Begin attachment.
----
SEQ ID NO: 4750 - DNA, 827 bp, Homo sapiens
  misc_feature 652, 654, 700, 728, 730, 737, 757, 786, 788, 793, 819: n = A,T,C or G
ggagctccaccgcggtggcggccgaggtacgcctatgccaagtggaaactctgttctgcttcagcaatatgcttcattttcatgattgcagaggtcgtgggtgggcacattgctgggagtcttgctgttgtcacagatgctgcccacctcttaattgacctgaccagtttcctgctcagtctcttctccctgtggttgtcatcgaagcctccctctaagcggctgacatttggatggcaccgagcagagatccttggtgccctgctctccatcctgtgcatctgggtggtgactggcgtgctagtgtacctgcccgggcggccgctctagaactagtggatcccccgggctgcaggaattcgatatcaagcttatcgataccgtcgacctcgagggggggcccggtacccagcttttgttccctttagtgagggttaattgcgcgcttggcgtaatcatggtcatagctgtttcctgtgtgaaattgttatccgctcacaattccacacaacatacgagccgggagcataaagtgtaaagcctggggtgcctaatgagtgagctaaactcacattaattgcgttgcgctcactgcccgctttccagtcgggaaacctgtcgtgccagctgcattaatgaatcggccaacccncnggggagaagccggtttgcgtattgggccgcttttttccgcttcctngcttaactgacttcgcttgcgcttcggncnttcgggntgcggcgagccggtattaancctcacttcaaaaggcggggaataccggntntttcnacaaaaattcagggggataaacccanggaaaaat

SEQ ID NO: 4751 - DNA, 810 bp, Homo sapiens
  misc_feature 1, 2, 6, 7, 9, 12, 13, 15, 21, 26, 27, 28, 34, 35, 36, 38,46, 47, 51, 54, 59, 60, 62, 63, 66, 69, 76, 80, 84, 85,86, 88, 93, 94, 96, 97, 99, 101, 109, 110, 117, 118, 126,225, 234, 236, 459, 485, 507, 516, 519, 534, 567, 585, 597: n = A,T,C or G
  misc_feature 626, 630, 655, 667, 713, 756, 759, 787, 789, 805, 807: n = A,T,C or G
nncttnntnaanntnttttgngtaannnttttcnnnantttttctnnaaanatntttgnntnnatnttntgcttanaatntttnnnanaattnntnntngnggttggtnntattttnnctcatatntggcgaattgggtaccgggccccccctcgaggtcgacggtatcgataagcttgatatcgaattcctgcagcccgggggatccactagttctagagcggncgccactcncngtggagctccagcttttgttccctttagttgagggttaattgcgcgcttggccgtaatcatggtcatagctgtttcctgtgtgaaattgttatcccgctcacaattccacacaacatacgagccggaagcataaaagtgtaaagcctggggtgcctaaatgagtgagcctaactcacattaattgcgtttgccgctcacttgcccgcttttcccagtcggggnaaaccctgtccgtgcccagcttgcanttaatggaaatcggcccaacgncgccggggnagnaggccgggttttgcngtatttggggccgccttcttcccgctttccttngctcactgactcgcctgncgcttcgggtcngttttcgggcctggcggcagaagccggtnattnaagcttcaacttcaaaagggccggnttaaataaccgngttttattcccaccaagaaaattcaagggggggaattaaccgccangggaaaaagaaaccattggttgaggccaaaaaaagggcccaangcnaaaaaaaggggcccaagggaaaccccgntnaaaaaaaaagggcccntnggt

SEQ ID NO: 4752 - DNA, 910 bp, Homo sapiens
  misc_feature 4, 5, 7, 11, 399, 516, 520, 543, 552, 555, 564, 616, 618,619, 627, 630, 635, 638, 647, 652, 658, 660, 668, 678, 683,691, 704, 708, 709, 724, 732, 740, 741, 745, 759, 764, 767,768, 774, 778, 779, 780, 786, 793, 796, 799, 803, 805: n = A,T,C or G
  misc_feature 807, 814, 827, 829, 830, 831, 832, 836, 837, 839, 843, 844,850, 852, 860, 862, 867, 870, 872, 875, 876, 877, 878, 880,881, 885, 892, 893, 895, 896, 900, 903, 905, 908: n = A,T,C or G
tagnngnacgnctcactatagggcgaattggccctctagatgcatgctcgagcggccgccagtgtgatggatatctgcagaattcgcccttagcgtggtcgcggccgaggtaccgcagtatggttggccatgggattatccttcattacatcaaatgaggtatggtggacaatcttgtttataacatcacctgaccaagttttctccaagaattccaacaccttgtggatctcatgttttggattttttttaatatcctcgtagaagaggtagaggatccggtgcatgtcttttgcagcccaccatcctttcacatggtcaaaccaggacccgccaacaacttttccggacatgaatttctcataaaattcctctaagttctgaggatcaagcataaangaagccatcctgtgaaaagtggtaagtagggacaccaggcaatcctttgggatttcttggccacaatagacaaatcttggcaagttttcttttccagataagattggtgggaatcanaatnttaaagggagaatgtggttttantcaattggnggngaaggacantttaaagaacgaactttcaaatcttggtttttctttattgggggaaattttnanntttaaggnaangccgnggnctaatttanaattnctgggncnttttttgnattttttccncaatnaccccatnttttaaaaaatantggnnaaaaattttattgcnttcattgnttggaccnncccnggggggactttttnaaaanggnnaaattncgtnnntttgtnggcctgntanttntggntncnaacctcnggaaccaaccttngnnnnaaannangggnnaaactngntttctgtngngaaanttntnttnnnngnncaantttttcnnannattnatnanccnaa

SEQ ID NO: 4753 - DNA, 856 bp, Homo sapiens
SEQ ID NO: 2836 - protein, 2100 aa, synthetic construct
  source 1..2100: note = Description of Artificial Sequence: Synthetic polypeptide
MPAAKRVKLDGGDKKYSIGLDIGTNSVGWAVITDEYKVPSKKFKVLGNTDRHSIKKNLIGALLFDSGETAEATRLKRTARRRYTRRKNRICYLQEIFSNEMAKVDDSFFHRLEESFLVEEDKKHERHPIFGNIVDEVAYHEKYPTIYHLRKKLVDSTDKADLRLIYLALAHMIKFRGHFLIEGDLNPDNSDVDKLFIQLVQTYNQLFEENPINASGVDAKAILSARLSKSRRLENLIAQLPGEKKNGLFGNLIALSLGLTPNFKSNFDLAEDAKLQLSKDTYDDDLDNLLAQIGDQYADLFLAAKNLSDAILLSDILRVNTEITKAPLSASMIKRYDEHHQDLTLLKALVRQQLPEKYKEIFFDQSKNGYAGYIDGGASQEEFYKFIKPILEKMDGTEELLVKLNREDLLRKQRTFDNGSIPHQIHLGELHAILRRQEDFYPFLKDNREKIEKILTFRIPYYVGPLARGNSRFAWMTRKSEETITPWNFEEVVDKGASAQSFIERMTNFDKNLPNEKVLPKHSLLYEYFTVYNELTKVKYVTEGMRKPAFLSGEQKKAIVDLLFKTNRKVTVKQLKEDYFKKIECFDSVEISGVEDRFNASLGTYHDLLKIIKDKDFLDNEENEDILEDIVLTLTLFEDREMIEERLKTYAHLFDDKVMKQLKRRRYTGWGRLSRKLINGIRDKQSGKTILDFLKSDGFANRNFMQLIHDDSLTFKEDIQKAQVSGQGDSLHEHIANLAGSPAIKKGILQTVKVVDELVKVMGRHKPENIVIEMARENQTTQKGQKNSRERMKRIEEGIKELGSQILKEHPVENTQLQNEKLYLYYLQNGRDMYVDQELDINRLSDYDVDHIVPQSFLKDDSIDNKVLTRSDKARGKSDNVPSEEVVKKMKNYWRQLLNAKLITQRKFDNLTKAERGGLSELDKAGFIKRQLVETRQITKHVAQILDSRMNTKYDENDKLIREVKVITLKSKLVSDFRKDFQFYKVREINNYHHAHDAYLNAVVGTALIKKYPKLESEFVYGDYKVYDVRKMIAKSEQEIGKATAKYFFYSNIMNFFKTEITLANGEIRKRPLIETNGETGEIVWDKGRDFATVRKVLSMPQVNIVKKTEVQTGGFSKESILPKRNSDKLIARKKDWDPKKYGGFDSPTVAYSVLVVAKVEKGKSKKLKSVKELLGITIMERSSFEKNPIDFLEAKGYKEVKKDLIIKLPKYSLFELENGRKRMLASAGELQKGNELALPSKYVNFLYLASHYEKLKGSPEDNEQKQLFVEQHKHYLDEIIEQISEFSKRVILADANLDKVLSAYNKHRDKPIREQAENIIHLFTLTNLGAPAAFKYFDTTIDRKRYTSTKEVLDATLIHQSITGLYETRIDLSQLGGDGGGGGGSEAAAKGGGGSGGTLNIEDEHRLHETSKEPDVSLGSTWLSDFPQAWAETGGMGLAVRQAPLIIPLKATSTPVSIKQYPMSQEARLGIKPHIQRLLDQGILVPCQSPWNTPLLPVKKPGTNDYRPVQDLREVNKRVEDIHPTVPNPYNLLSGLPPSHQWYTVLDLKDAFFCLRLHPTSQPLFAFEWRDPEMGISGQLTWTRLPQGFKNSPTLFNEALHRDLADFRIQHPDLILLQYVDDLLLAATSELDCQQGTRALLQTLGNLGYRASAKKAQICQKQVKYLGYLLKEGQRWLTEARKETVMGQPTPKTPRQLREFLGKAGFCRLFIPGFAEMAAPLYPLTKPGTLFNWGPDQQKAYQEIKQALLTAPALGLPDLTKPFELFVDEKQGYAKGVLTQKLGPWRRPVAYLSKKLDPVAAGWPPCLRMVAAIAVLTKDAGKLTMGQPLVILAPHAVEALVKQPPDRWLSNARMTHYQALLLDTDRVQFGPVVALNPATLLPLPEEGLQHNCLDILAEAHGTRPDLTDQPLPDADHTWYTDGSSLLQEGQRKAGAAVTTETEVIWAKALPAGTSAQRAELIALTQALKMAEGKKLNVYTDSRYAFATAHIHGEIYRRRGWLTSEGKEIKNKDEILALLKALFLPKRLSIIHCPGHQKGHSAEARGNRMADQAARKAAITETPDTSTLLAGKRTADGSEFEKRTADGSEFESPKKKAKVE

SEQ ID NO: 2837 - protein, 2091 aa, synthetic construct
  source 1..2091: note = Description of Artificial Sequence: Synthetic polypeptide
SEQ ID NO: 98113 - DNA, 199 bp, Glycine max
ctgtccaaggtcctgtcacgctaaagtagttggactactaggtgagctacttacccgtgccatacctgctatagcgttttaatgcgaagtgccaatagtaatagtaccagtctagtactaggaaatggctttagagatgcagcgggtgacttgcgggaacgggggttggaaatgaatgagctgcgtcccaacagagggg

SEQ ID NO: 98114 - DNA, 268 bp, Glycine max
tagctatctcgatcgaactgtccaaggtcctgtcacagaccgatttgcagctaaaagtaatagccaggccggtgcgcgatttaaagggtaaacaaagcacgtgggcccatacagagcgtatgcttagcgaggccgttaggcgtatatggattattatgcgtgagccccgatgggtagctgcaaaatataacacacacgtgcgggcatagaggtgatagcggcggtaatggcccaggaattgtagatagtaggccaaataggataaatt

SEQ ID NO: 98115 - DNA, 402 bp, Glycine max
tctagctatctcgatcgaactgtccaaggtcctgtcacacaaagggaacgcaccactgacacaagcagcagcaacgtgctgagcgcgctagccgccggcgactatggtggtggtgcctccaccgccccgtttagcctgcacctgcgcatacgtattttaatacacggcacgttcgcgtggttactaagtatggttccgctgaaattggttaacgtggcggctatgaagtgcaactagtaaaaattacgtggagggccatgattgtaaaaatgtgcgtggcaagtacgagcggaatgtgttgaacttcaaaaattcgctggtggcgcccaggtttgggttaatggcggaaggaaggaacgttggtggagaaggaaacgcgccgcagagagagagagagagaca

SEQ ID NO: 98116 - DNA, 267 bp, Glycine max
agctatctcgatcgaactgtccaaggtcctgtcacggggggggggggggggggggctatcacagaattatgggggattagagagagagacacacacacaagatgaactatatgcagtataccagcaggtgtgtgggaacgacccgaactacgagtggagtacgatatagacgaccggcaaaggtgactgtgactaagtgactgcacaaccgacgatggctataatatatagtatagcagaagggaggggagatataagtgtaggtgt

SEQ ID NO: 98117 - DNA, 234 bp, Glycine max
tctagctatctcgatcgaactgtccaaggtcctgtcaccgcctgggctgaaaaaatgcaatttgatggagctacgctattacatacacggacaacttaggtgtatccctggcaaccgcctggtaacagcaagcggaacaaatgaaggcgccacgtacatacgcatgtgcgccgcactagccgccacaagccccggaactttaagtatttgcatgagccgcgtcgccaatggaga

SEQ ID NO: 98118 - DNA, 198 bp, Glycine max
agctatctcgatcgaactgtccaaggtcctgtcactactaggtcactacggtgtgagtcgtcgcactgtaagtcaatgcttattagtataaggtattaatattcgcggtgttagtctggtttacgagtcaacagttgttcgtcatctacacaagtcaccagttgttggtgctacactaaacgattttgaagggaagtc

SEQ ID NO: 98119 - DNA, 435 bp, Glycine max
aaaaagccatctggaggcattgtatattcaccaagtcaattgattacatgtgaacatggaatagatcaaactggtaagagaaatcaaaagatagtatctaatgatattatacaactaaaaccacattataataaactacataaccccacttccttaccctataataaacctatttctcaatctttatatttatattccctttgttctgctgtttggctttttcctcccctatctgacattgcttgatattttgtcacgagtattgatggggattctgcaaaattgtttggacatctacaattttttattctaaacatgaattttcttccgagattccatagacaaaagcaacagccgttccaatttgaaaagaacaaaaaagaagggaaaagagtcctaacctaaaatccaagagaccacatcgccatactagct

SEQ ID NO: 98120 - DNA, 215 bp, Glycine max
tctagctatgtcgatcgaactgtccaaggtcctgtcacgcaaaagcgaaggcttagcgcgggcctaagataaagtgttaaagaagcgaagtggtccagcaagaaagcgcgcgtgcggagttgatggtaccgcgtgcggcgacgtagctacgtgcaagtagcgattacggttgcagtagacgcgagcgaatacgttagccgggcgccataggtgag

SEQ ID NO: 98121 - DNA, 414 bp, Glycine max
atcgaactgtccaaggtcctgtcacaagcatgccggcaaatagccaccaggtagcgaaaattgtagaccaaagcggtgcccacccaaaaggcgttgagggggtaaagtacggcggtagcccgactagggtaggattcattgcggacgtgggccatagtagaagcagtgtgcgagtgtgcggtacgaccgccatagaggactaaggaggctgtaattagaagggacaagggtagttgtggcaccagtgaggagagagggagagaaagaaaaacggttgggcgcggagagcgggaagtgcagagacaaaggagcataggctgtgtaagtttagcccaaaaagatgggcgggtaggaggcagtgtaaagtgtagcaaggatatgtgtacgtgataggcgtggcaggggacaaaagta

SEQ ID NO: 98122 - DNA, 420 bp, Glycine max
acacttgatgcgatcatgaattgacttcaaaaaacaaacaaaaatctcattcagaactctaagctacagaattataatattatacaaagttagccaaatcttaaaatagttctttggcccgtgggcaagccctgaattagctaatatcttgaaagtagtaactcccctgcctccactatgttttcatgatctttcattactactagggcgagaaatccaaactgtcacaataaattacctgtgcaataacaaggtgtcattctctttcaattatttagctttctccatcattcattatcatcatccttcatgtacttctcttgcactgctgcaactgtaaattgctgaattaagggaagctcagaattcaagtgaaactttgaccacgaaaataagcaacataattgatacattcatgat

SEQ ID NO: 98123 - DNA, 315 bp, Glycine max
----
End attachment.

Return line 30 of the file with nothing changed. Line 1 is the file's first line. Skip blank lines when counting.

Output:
SEQ ID NO: 98119 - DNA, 435 bp, Glycine max